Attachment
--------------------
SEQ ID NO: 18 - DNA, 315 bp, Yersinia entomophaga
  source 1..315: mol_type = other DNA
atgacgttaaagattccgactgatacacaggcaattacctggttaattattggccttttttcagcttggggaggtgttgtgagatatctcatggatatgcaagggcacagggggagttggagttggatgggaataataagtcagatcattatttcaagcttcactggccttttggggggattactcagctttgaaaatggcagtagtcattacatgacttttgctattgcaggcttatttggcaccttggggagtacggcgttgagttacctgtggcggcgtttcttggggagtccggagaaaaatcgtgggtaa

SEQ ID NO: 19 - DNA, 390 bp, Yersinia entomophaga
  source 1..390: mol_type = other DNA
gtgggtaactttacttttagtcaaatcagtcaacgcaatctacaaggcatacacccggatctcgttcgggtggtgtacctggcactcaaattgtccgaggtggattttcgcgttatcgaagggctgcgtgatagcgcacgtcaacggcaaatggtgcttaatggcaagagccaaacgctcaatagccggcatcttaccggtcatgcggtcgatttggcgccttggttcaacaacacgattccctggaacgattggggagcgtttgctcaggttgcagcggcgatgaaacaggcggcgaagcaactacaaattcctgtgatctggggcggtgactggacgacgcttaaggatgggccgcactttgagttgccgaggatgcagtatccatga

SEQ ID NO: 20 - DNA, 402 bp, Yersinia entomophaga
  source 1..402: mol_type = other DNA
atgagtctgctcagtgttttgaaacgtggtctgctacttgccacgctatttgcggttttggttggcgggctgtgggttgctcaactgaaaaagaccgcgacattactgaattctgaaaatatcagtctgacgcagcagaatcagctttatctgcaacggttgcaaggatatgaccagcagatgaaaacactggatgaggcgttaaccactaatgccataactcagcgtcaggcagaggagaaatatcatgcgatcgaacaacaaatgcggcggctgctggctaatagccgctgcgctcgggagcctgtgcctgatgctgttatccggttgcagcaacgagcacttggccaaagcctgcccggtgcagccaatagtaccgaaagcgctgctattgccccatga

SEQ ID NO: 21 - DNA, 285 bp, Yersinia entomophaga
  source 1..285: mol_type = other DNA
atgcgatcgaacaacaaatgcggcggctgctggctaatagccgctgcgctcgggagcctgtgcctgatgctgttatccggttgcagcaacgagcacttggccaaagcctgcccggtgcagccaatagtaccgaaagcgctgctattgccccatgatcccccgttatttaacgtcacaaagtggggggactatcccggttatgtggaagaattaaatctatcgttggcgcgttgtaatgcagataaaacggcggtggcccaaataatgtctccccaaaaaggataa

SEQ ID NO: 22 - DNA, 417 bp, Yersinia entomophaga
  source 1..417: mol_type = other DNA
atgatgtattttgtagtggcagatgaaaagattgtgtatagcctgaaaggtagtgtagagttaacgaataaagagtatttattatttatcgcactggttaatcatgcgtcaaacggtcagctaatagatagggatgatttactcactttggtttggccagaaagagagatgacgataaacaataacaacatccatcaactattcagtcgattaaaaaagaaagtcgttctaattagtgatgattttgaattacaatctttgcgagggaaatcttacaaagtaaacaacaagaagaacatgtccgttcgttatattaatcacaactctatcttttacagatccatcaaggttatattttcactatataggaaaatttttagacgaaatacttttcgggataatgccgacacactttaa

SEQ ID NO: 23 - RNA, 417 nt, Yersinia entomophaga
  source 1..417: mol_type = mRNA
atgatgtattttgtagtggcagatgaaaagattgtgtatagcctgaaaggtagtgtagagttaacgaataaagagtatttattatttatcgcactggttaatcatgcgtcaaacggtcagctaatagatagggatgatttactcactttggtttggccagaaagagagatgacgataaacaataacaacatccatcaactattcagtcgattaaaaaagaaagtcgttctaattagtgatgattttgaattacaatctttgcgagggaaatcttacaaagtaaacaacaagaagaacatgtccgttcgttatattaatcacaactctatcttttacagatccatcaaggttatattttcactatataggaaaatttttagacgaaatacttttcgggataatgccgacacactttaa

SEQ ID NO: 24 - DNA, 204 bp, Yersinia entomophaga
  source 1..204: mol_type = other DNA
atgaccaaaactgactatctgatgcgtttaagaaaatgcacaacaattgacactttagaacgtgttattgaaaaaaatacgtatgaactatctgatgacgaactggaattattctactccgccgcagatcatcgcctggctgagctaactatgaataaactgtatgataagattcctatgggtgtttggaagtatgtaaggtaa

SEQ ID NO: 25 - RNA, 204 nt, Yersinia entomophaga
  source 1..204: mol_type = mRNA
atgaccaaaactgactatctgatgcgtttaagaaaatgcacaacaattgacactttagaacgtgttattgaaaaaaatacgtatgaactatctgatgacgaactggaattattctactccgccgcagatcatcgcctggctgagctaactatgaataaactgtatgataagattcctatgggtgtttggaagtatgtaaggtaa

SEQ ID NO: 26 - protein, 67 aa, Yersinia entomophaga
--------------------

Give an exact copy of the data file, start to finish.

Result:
SEQ ID NO: 18 - DNA, 315 bp, Yersinia entomophaga
  source 1..315: mol_type = other DNA
atgacgttaaagattccgactgatacacaggcaattacctggttaattattggccttttttcagcttggggaggtgttgtgagatatctcatggatatgcaagggcacagggggagttggagttggatgggaataataagtcagatcattatttcaagcttcactggccttttggggggattactcagctttgaaaatggcagtagtcattacatgacttttgctattgcaggcttatttggcaccttggggagtacggcgttgagttacctgtggcggcgtttcttggggagtccggagaaaaatcgtgggtaa

SEQ ID NO: 19 - DNA, 390 bp, Yersinia entomophaga
  source 1..390: mol_type = other DNA
gtgggtaactttacttttagtcaaatcagtcaacgcaatctacaaggcatacacccggatctcgttcgggtggtgtacctggcactcaaattgtccgaggtggattttcgcgttatcgaagggctgcgtgatagcgcacgtcaacggcaaatggtgcttaatggcaagagccaaacgctcaatagccggcatcttaccggtcatgcggtcgatttggcgccttggttcaacaacacgattccctggaacgattggggagcgtttgctcaggttgcagcggcgatgaaacaggcggcgaagcaactacaaattcctgtgatctggggcggtgactggacgacgcttaaggatgggccgcactttgagttgccgaggatgcagtatccatga

SEQ ID NO: 20 - DNA, 402 bp, Yersinia entomophaga
  source 1..402: mol_type = other DNA
atgagtctgctcagtgttttgaaacgtggtctgctacttgccacgctatttgcggttttggttggcgggctgtgggttgctcaactgaaaaagaccgcgacattactgaattctgaaaatatcagtctgacgcagcagaatcagctttatctgcaacggttgcaaggatatgaccagcagatgaaaacactggatgaggcgttaaccactaatgccataactcagcgtcaggcagaggagaaatatcatgcgatcgaacaacaaatgcggcggctgctggctaatagccgctgcgctcgggagcctgtgcctgatgctgttatccggttgcagcaacgagcacttggccaaagcctgcccggtgcagccaatagtaccgaaagcgctgctattgccccatga

SEQ ID NO: 21 - DNA, 285 bp, Yersinia entomophaga
  source 1..285: mol_type = other DNA
atgcgatcgaacaacaaatgcggcggctgctggctaatagccgctgcgctcgggagcctgtgcctgatgctgttatccggttgcagcaacgagcacttggccaaagcctgcccggtgcagccaatagtaccgaaagcgctgctattgccccatgatcccccgttatttaacgtcacaaagtggggggactatcccggttatgtggaagaattaaatctatcgttggcgcgttgtaatgcagataaaacggcggtggcccaaataatgtctccccaaaaaggataa

SEQ ID NO: 22 - DNA, 417 bp, Yersinia entomophaga
  source 1..417: mol_type = other DNA
atgatgtattttgtagtggcagatgaaaagattgtgtatagcctgaaaggtagtgtagagttaacgaataaagagtatttattatttatcgcactggttaatcatgcgtcaaacggtcagctaatagatagggatgatttactcactttggtttggccagaaagagagatgacgataaacaataacaacatccatcaactattcagtcgattaaaaaagaaagtcgttctaattagtgatgattttgaattacaatctttgcgagggaaatcttacaaagtaaacaacaagaagaacatgtccgttcgttatattaatcacaactctatcttttacagatccatcaaggttatattttcactatataggaaaatttttagacgaaatacttttcgggataatgccgacacactttaa

SEQ ID NO: 23 - RNA, 417 nt, Yersinia entomophaga
  source 1..417: mol_type = mRNA
atgatgtattttgtagtggcagatgaaaagattgtgtatagcctgaaaggtagtgtagagttaacgaataaagagtatttattatttatcgcactggttaatcatgcgtcaaacggtcagctaatagatagggatgatttactcactttggtttggccagaaagagagatgacgataaacaataacaacatccatcaactattcagtcgattaaaaaagaaagtcgttctaattagtgatgattttgaattacaatctttgcgagggaaatcttacaaagtaaacaacaagaagaacatgtccgttcgttatattaatcacaactctatcttttacagatccatcaaggttatattttcactatataggaaaatttttagacgaaatacttttcgggataatgccgacacactttaa

SEQ ID NO: 24 - DNA, 204 bp, Yersinia entomophaga
  source 1..204: mol_type = other DNA
atgaccaaaactgactatctgatgcgtttaagaaaatgcacaacaattgacactttagaacgtgttattgaaaaaaatacgtatgaactatctgatgacgaactggaattattctactccgccgcagatcatcgcctggctgagctaactatgaataaactgtatgataagattcctatgggtgtttggaagtatgtaaggtaa

SEQ ID NO: 25 - RNA, 204 nt, Yersinia entomophaga
  source 1..204: mol_type = mRNA
atgaccaaaactgactatctgatgcgtttaagaaaatgcacaacaattgacactttagaacgtgttattgaaaaaaatacgtatgaactatctgatgacgaactggaattattctactccgccgcagatcatcgcctggctgagctaactatgaataaactgtatgataagattcctatgggtgtttggaagtatgtaaggtaa

SEQ ID NO: 26 - protein, 67 aa, Yersinia entomophaga